To succeed in law, you need a partner that supports you. “I know I wouldn’t be able to do it if my husband wasn’t there.” He sells dental equipment, so his time is more flexible.

Starting over isn’t easy. At Heenan Blaikie, where she worked for nine years, “There were a lot of parents with young kids. That was a luxury.” At Heenan, her team had the same motivation to get home for dinner. “Here, the group’s age ranges. A lot of them are single, or they are senior partners with older kids. When I take a call at home and there are small voices in the background on my end of the line, I don’t feel as comfortable because they may not have the same understanding. It was nice to have the certainty.”


Jake Sadikman and family

Jake Sadikman and his family at the cottage in Muskoka.

Cynthia Kuehl and co. on the slopes in Vermont.

Cynthia Kuehl and co. on the slopes in Vermont.

 

 

 

 

 

 

 

 


This story is part of The Precedent guide to getting it all done, from our Spring 2015 issue.

 

 


Illustrations by Naila Medjidova

The Circuit: Lerners’ 9th Annual Extraordinary Women’s Extravaganza


What: Lerners LLP Extraordinary Women’s Extravaganza
Where: Main Lobby, 130 Adelaide St. West

When: April 2, 2014


This year’s spring break-themed event was the 9th Extraordinary Women’s Extravaganza hosted annually by Lerners. Given the record attendance of over 150 guests, it seemed everyone was happy to enjoy a break from the weather and the office for a fabulous evening among colleagues, peers and mentors. Fish tacos, sliders, wine, cocktails and a delicious selection of hors d’oeuvres provided the comfort food and drink that accompanies any good getaway.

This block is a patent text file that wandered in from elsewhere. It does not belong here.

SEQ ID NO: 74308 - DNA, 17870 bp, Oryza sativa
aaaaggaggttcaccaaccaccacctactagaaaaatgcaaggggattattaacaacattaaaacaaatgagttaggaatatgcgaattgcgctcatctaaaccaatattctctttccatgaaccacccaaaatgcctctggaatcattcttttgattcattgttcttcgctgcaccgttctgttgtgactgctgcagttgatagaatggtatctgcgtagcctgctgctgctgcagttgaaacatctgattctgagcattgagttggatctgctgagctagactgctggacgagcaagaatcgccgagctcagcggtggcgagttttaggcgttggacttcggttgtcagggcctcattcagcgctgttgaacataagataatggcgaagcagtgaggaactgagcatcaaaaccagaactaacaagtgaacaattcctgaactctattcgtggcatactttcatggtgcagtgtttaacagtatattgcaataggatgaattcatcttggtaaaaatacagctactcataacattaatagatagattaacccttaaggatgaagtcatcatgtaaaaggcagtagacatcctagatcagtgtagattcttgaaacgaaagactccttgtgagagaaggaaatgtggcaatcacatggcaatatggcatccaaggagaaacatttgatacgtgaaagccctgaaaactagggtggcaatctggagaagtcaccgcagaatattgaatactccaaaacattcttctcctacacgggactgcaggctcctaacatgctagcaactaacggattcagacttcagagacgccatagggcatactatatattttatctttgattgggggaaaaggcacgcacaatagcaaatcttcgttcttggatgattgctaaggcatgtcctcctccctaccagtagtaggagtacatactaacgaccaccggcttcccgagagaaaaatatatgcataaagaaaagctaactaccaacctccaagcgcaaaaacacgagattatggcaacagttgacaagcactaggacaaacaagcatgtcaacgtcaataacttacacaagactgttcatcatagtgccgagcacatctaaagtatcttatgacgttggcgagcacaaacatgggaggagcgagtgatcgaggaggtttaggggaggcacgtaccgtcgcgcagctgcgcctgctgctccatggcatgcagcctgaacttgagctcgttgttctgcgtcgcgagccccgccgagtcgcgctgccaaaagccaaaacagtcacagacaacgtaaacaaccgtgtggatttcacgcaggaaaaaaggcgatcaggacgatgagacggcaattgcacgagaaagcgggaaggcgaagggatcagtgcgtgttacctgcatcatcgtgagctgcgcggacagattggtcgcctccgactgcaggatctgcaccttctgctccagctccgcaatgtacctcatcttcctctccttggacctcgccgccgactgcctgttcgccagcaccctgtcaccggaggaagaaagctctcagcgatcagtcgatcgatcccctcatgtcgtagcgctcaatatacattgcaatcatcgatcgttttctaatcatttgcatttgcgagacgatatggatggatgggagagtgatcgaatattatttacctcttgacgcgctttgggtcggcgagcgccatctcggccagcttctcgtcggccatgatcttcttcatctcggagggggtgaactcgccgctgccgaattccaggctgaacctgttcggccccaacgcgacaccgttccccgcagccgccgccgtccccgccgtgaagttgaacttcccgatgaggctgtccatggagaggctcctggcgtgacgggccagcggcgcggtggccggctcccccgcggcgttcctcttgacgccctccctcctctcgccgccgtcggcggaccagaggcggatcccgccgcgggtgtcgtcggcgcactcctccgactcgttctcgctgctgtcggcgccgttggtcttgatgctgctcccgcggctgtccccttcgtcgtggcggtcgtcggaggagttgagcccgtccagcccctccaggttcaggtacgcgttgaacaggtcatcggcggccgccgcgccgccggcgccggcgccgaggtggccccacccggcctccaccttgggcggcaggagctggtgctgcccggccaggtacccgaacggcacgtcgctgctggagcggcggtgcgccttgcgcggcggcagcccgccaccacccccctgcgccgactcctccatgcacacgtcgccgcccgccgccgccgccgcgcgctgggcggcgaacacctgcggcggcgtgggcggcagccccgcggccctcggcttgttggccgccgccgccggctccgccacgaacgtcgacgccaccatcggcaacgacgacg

“The Lerners Extraordinary Women’s Event brings together hundreds of professional women who enjoy, inspire and support each other,” said Jennifer Hunter, partner at Lerners. “Our goal every year is to create an opportunity to reconnect with women they never have time to see, and also to meet the women that will be an important part of their lives and careers in the future. Every year we get thank-you cards from our guests saying that they appreciate the effort we take to provide this opportunity to the women that have become important to us in our careers. It’s great to be at the centre of something that’s had such a positive impact on the women who are the current and future leaders of law and business in and around Toronto.”

Interestingly, over half of the lawyers in Lerners’ Toronto office are women. Intended to better connect new and established women in the field of law, this now signature annual networking opportunity has become extremely popular.

One of Canada’s largest litigation groups, Lerners LLP has offices in Toronto and London, Ontario, and is committed to continuing to support women in attaining partnership and leadership roles.


Yvonne Bambrick is an Urban Cycling Consultant, Coordinator of the Forest Hill Village BIA, and a Toronto-based Event & Portrait Photographer. Have an event coming up? Invite us to your next party!